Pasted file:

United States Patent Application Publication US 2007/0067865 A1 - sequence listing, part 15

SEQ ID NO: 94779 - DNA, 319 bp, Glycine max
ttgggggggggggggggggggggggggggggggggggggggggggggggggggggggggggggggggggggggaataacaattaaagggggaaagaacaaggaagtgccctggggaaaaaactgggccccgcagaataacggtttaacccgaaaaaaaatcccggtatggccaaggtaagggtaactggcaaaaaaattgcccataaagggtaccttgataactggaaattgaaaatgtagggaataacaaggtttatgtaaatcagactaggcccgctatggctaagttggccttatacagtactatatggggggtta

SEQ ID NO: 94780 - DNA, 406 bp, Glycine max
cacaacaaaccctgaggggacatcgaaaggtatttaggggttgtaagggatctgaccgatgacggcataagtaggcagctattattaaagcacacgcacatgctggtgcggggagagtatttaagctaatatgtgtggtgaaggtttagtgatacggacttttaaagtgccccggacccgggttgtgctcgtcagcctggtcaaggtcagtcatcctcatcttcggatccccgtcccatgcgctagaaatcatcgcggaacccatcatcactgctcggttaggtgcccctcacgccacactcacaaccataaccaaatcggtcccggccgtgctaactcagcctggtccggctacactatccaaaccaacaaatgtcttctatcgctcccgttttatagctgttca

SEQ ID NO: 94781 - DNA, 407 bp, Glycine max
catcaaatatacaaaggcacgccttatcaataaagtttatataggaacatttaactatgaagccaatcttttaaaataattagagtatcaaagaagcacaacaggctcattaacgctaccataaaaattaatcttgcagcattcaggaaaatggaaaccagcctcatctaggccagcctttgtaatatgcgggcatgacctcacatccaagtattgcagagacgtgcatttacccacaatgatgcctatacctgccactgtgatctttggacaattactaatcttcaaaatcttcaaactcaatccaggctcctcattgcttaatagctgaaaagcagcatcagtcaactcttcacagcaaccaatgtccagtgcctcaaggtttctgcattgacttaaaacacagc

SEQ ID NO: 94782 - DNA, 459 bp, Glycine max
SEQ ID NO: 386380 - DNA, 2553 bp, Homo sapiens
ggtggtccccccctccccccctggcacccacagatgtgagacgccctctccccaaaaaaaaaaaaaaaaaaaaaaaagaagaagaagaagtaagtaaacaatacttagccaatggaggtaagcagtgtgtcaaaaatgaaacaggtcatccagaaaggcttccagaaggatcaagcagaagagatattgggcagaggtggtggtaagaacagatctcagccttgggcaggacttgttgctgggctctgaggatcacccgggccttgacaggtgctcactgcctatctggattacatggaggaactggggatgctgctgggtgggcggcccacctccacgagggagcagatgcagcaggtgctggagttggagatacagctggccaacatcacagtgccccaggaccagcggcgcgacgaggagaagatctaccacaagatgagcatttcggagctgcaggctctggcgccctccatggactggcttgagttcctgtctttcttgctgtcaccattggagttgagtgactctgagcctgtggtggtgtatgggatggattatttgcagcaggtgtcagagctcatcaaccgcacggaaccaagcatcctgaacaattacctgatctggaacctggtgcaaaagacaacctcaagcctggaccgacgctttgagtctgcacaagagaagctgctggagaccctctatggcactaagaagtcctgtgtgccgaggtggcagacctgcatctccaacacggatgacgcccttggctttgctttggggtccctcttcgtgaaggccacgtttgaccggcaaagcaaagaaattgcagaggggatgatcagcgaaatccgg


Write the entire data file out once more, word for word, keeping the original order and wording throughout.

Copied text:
United States Patent Application Publication US 2007/0067865 A1 - sequence listing, part 15

SEQ ID NO: 94779 - DNA, 319 bp, Glycine max
ttgggggggggggggggggggggggggggggggggggggggggggggggggggggggggggggggggggggggaataacaattaaagggggaaagaacaaggaagtgccctggggaaaaaactgggccccgcagaataacggtttaacccgaaaaaaaatcccggtatggccaaggtaagggtaactggcaaaaaaattgcccataaagggtaccttgataactggaaattgaaaatgtagggaataacaaggtttatgtaaatcagactaggcccgctatggctaagttggccttatacagtactatatggggggtta

SEQ ID NO: 94780 - DNA, 406 bp, Glycine max
cacaacaaaccctgaggggacatcgaaaggtatttaggggttgtaagggatctgaccgatgacggcataagtaggcagctattattaaagcacacgcacatgctggtgcggggagagtatttaagctaatatgtgtggtgaaggtttagtgatacggacttttaaagtgccccggacccgggttgtgctcgtcagcctggtcaaggtcagtcatcctcatcttcggatccccgtcccatgcgctagaaatcatcgcggaacccatcatcactgctcggttaggtgcccctcacgccacactcacaaccataaccaaatcggtcccggccgtgctaactcagcctggtccggctacactatccaaaccaacaaatgtcttctatcgctcccgttttatagctgttca

SEQ ID NO: 94781 - DNA, 407 bp, Glycine max
catcaaatatacaaaggcacgccttatcaataaagtttatataggaacatttaactatgaagccaatcttttaaaataattagagtatcaaagaagcacaacaggctcattaacgctaccataaaaattaatcttgcagcattcaggaaaatggaaaccagcctcatctaggccagcctttgtaatatgcgggcatgacctcacatccaagtattgcagagacgtgcatttacccacaatgatgcctatacctgccactgtgatctttggacaattactaatcttcaaaatcttcaaactcaatccaggctcctcattgcttaatagctgaaaagcagcatcagtcaactcttcacagcaaccaatgtccagtgcctcaaggtttctgcattgacttaaaacacagc

SEQ ID NO: 94782 - DNA, 459 bp, Glycine max
SEQ ID NO: 386380 - DNA, 2553 bp, Homo sapiens
ggtggtccccccctccccccctggcacccacagatgtgagacgccctctccccaaaaaaaaaaaaaaaaaaaaaaaagaagaagaagaagtaagtaaacaatacttagccaatggaggtaagcagtgtgtcaaaaatgaaacaggtcatccagaaaggcttccagaaggatcaagcagaagagatattgggcagaggtggtggtaagaacagatctcagccttgggcaggacttgttgctgggctctgaggatcacccgggccttgacaggtgctcactgcctatctggattacatggaggaactggggatgctgctgggtgggcggcccacctccacgagggagcagatgcagcaggtgctggagttggagatacagctggccaacatcacagtgccccaggaccagcggcgcgacgaggagaagatctaccacaagatgagcatttcggagctgcaggctctggcgccctccatggactggcttgagttcctgtctttcttgctgtcaccattggagttgagtgactctgagcctgtggtggtgtatgggatggattatttgcagcaggtgtcagagctcatcaaccgcacggaaccaagcatcctgaacaattacctgatctggaacctggtgcaaaagacaacctcaagcctggaccgacgctttgagtctgcacaagagaagctgctggagaccctctatggcactaagaagtcctgtgtgccgaggtggcagacctgcatctccaacacggatgacgcccttggctttgctttggggtccctcttcgtgaaggccacgtttgaccggcaaagcaaagaaattgcagaggggatgatcagcgaaatccgg